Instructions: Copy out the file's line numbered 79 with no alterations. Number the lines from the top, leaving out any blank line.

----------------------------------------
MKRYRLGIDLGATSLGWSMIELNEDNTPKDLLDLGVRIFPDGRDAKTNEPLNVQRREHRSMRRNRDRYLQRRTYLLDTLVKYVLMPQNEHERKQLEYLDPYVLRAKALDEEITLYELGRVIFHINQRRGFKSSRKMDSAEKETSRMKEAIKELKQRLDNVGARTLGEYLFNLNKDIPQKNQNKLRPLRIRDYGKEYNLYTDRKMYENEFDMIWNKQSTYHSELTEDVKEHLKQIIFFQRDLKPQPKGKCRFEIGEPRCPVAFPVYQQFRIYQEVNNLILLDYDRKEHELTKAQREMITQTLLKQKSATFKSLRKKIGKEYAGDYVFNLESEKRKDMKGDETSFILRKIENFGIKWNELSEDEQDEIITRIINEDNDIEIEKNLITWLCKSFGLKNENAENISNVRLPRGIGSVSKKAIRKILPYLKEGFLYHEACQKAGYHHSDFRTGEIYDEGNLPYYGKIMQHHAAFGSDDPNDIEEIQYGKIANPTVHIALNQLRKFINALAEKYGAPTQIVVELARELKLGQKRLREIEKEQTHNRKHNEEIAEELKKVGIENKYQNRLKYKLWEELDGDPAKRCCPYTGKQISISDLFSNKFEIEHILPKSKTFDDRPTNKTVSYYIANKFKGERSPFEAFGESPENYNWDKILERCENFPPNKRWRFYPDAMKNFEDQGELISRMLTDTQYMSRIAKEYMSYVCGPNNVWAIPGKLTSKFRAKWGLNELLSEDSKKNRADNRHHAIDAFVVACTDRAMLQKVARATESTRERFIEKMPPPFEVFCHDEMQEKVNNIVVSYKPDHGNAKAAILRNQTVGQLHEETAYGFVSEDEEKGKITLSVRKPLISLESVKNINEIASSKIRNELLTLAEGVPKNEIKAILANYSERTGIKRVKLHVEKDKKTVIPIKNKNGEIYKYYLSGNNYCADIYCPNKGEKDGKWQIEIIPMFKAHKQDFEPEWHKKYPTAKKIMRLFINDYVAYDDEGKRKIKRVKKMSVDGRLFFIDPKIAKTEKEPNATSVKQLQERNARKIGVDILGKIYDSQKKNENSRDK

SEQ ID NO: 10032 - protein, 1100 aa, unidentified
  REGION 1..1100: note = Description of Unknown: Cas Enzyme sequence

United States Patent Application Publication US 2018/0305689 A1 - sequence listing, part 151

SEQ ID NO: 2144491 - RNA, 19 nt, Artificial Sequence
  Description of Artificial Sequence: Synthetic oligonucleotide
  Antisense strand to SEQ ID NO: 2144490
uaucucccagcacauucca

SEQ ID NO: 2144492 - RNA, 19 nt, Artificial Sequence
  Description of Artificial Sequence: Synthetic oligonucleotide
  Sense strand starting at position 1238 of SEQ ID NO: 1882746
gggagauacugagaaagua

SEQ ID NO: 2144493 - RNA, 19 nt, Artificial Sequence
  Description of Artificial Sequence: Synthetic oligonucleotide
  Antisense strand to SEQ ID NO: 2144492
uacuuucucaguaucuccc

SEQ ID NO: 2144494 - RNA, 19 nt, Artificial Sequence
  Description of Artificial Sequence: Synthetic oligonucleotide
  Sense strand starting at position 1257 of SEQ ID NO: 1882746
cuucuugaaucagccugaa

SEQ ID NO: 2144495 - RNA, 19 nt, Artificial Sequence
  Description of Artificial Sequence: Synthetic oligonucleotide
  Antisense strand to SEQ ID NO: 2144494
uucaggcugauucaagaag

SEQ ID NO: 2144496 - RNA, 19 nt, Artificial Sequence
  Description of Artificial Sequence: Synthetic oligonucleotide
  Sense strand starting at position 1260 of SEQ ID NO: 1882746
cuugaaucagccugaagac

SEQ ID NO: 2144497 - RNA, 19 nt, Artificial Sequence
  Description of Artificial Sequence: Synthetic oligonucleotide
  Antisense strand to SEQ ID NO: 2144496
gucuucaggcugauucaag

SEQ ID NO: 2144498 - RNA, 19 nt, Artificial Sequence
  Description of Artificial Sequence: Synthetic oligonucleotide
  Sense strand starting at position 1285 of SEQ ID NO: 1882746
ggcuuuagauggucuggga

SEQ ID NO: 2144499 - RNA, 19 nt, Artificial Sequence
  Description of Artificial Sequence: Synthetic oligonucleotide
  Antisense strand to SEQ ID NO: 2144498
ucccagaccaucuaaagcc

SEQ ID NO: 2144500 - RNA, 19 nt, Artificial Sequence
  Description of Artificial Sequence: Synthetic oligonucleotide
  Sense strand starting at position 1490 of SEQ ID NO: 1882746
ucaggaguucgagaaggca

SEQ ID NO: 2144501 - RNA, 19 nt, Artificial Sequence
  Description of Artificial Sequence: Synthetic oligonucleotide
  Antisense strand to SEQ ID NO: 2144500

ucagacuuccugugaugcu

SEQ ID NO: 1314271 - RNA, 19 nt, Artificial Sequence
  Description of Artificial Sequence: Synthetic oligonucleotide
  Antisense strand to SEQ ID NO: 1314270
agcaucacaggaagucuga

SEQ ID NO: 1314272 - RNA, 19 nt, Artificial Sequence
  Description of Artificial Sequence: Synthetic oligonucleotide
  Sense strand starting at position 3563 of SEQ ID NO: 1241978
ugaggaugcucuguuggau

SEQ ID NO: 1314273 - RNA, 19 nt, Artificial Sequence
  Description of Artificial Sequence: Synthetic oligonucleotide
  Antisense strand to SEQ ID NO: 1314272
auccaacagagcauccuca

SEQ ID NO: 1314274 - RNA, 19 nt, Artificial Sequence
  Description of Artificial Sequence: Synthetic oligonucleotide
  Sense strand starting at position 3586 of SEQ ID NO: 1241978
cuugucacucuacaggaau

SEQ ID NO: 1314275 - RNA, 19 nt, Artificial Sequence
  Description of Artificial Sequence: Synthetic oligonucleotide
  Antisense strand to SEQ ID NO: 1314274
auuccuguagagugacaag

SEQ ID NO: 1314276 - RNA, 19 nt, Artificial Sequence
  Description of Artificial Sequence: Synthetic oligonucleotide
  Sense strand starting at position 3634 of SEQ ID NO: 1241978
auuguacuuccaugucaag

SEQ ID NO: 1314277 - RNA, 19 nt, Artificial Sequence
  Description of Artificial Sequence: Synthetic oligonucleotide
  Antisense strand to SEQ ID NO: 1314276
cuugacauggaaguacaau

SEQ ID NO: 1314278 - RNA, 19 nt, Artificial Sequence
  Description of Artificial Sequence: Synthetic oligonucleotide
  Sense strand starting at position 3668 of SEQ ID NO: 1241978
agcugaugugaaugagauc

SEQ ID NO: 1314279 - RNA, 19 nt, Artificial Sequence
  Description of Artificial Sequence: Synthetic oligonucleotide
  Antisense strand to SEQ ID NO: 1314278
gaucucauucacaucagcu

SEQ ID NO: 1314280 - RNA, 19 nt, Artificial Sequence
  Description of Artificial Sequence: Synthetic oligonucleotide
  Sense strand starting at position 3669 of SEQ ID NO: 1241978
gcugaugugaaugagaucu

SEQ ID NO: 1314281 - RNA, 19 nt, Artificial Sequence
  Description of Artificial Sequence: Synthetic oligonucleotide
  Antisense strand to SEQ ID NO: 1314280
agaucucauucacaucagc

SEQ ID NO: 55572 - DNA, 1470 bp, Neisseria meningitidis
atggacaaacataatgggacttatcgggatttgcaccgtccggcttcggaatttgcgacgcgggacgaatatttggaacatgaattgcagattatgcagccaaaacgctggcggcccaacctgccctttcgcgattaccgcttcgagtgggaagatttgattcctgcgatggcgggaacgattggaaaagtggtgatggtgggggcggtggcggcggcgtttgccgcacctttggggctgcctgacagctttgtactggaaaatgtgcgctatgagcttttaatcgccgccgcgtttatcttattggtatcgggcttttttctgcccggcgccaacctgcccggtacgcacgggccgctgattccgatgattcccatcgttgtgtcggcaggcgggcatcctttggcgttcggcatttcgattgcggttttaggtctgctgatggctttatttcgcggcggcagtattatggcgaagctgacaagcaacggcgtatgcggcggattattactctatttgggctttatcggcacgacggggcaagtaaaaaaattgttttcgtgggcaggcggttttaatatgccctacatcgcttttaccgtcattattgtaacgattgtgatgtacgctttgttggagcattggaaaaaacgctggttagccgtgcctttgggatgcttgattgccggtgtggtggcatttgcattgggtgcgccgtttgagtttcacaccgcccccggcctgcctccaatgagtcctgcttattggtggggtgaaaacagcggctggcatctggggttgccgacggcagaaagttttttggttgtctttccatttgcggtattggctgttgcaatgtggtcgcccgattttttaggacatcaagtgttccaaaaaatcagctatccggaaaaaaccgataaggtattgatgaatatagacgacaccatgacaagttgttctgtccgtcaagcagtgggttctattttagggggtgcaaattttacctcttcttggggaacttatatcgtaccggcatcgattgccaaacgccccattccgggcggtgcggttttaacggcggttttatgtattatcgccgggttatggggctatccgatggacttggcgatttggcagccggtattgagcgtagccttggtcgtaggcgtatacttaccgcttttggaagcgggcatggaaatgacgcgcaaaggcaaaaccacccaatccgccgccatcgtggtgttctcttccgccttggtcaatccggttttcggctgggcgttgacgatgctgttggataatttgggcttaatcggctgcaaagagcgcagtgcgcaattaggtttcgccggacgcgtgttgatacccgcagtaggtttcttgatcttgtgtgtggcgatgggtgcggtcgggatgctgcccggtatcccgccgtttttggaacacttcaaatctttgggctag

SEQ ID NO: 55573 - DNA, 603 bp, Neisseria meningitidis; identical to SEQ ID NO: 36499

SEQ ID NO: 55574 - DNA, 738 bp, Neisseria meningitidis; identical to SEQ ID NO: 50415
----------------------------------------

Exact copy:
  Sense strand starting at position 3668 of SEQ ID NO: 1241978